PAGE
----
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Never Quitting This work has been published in the Teen Ink monthly print magazine.

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     After winning a big game, athletes are often asked how they attained that success. Most say their achievement is the result of grueling hard work and intense practice. Usually athletes say how hard it is to win the big games. At the opposite end of the spectrum, however, is the fact that losing the big game, or, in my case, all the games, can be even tougher.

From the spectators’ point of view, last year’s basketball season for my high school team was nothing short of an embarrassment. And while

0 and 20 is certainly nothing to be proud of, that season had a bigger impact on me than any other, and probably more than any season since.

As a team captain, I knew it probably wouldn’t be the easiest year, but did I ever think we would lose every game? Of course not. Since six of our top players had graduated, it was clear that we were a young team who would struggle. The struggle began earlier than expected, though, as our team’s starting center was suspended for the season, and two key members decided to quit after two weeks. At some point, quitting probably passed through every player’s mind, but, in the end, we all stuck it out, vowing to work even harder.

During the first half of the season, every player tried his hardest every minute he was out there. Most counted us out of games, and in hindsight they were right, but we never gave up on ourselves. There came a time, though, when it all began to feel hopeless.

Then it even started to feel like our own coach had given up on us. Personally, I felt like it was no longer worth giving my all. I thought, If even the coach doesn’t believe in us, why should I? But just as my hope began to fade, a teammate called a meeting. He said, “Nobody thinks we’re going to win, and heck, we may not, but, as teammates and friends, we owe it to each other to give it our all every game.”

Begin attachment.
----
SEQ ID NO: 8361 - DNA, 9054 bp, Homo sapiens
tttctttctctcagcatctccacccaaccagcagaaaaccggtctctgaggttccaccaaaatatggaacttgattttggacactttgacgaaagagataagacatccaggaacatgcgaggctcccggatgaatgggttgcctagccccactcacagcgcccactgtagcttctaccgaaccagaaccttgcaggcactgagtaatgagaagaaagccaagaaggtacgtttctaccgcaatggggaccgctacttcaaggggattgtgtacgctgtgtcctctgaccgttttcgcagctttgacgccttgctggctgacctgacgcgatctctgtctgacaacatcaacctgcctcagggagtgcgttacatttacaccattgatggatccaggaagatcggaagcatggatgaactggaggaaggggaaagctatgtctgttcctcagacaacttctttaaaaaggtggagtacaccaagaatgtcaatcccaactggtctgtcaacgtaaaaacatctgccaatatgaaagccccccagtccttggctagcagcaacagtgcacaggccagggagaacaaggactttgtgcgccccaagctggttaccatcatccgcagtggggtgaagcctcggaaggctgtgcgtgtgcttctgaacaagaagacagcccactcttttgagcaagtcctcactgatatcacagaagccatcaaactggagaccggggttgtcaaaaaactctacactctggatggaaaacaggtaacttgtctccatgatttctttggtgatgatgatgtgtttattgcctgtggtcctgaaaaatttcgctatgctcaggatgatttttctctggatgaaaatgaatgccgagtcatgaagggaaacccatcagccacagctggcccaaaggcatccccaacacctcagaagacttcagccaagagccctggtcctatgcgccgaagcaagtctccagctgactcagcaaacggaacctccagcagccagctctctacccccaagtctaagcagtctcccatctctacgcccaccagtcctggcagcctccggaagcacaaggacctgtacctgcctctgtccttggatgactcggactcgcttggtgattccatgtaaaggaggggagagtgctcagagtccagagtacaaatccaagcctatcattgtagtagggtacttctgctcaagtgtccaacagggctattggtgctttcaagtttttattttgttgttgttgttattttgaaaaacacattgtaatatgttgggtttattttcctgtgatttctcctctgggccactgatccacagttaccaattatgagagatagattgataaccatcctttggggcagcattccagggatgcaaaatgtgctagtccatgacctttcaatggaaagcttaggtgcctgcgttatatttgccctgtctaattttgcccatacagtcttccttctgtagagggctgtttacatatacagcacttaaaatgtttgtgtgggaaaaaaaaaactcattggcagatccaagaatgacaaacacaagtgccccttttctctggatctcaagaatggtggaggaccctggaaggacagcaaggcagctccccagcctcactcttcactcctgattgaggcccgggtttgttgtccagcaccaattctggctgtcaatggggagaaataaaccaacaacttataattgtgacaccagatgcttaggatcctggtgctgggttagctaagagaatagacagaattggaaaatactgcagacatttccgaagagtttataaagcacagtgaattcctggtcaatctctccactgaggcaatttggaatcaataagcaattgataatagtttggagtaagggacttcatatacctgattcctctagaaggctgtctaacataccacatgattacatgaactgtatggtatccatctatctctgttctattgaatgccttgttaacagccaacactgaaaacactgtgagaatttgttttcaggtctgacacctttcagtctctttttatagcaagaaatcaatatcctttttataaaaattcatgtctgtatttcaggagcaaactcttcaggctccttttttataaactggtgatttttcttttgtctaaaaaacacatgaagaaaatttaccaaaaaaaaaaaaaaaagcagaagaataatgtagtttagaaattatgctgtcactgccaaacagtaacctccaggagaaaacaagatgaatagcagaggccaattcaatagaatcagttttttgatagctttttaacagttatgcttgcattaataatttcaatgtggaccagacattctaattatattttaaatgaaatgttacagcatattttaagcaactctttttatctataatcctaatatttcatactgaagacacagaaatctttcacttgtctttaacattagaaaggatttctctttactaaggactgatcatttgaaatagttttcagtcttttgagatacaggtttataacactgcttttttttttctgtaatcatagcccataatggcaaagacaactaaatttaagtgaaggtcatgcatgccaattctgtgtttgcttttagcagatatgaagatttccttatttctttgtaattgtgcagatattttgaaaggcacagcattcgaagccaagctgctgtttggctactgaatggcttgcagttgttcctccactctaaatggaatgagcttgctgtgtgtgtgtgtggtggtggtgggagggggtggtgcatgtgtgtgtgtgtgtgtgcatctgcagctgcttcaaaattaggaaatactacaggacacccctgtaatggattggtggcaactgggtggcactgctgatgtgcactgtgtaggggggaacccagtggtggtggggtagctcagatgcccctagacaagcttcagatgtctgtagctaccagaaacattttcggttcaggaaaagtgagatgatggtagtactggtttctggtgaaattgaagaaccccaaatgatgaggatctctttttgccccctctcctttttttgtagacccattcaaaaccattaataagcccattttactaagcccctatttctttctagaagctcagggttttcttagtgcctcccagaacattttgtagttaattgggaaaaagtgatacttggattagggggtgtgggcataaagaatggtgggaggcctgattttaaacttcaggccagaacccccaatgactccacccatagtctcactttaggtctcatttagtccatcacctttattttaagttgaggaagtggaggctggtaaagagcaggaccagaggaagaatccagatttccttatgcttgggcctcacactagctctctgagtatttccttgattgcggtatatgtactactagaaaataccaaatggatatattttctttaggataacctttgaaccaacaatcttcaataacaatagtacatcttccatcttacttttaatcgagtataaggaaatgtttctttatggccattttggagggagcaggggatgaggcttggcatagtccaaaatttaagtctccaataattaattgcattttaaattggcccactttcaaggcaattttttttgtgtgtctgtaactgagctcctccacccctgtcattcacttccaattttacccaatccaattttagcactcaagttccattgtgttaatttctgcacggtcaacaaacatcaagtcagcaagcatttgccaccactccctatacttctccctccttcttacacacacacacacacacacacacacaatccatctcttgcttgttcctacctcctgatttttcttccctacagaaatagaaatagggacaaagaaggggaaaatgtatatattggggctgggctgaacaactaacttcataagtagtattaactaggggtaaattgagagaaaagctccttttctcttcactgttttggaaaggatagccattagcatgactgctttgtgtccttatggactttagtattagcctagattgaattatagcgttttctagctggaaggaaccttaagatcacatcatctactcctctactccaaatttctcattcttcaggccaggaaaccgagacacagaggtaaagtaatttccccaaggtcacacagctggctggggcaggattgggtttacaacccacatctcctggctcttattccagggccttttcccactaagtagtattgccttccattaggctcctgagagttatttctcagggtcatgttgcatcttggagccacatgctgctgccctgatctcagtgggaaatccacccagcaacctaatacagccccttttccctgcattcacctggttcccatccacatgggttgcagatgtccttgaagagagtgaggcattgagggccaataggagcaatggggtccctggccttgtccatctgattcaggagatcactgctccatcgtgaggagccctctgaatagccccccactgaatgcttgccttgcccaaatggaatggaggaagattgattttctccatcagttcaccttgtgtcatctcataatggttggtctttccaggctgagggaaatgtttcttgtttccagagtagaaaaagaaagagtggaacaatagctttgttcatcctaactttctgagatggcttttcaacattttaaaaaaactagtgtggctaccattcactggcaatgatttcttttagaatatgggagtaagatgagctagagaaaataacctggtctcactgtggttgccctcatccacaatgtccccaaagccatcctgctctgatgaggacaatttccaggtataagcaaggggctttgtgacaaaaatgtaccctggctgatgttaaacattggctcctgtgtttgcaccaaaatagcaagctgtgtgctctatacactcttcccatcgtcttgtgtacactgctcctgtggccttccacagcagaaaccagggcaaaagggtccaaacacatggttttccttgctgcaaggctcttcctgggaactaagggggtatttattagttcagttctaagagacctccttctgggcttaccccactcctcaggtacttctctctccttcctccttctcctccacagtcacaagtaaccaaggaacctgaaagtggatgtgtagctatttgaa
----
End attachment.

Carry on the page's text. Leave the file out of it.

Sure, it was a little cliché, but it was that moment that taught me how to be a leader. It hit me then that I may have been a captain, but I, like others in my position, certainly didn’t deserve the role. As a leader you can never quit on the team who looks up to you. It is one thing to be named captain and feel great and go through the motions, but it is quite another to be a real captain and make sure everyone works to their potential all the time.

Lucky for me, I have another season as captain. I watched a genuine leader in action and I will try to follow his example, whether in victory or defeat.

I am sure it is great to go through high school without losing and bringing home awards. But in all honesty, I relish the fact that my team lost every game last year. It may not help me to become a better basketball player, but it already has made me a better leader, and person.

This work has been published in the Teen Ink monthly print magazine. This piece has been published in Teen Ink’s monthly print magazine.




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This article has 2 comments. Post your own!

DellsBallas said...
Dec. 21, 2009 at 1:56 pm:
UMMM OK? I GUESS I HAVE TO HAVE 10 CHARACTORS
 
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holmes#4 said...
Jan. 5, 2009 at 3:32 pm:
this was really good and i like the fact that you can relish after having a 0-20 season.
 
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